Policy / Systems / Technology

September 6, 2013

 

Nippon Paper Develops New Biomass Solid Fuel Using Torrefaction Technology

Keywords: Environmental Technology Manufacturing industry Renewable Energy 

torrefied_pellets.jpg
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Nippon Paper Industries Co., a major paper manufacturer in Japan, announced on April 3, 2013, that it had developed a new biomass solid fuel using torrefaction, as a project (practical application) under the Strategic Development of Next-Generation Bioenergy Utilization Technology adopted in fiscal 2011 by the New Energy and Industrial Technology Development Organization (NEDO).

By carbonizing at a relatively low temperature, torrefaction, also known as semi-carbonization, allows woody biomass to retain more stored heat compared to normal carbonization. The new biomass fuel is formed into pellets, and consequently has less volume than woody chip fuels, leading to improved transportation efficiency. In fuel manufacturing using torrefaction technology, however, it is necessary to carefully control the processing temperature and meet other requirements. Therefore, establishing techniques to make use of torrefaction in the manufacturing of biomass fuel has been difficult.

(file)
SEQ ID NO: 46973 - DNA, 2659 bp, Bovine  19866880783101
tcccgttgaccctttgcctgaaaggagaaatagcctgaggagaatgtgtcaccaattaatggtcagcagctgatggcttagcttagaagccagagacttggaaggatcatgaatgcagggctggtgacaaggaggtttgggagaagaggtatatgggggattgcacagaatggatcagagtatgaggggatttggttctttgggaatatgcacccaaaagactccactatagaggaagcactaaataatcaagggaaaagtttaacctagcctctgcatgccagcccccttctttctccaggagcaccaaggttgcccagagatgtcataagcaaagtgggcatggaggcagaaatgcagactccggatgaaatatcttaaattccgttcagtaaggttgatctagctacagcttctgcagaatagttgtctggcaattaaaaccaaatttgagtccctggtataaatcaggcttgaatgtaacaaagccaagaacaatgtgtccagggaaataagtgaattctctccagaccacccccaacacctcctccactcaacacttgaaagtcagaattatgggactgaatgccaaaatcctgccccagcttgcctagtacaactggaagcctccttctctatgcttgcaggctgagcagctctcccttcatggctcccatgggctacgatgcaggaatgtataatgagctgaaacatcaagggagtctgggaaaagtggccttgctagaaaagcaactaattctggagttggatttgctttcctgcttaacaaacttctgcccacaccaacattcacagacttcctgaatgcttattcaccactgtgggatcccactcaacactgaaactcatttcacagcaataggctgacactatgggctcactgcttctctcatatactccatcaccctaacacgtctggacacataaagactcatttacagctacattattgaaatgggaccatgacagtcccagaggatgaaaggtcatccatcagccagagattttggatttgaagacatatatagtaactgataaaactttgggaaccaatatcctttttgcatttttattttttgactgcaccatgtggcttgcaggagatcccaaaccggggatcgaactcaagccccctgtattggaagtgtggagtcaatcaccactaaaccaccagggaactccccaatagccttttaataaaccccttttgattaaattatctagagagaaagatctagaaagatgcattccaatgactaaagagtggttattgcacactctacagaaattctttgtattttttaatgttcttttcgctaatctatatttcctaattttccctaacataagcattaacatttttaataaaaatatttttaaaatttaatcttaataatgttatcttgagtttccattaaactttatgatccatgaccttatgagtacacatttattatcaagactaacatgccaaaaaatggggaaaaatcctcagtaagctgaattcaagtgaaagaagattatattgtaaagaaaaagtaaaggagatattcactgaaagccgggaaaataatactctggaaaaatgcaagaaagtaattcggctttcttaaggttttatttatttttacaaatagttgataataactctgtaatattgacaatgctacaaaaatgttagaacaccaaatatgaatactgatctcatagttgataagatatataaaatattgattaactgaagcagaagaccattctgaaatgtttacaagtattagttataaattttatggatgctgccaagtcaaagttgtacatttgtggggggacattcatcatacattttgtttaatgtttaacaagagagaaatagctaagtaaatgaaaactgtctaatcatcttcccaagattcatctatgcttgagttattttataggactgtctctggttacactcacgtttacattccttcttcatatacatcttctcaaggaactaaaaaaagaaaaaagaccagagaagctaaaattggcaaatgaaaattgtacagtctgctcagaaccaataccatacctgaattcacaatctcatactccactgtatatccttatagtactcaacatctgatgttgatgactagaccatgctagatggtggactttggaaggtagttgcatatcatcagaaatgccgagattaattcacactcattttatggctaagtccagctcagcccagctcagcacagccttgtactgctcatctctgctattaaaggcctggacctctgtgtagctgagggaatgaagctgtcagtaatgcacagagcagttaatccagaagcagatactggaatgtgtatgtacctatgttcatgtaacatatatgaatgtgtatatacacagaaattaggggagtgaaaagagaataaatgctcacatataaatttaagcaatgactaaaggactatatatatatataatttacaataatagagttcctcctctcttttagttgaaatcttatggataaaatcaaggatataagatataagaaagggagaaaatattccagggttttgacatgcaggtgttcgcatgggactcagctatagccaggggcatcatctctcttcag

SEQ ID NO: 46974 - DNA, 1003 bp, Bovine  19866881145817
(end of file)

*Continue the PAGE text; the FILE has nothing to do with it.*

Co-firing was tested in a pulverized coal boiler at Nippon Paper's Yatsushiro Mill, and as a result, it was possible to mix 25 percent (as a weight ratio) of the new biomass solid fuel with the coal under the maximum load of the boiler. Testing confirmed that there are no problems with the operability of the coal pulverizing mill or with the boiler combustion.

The new biomass solid fuel is able to retain about 90% of its stored heat, whereas normal carbonization yields 50 percent or less. In addition, the new biomass solid fuel may have better crushability and water resistance, and may significantly improve the co-firing rate of biomass in a pulverized coal boiler.

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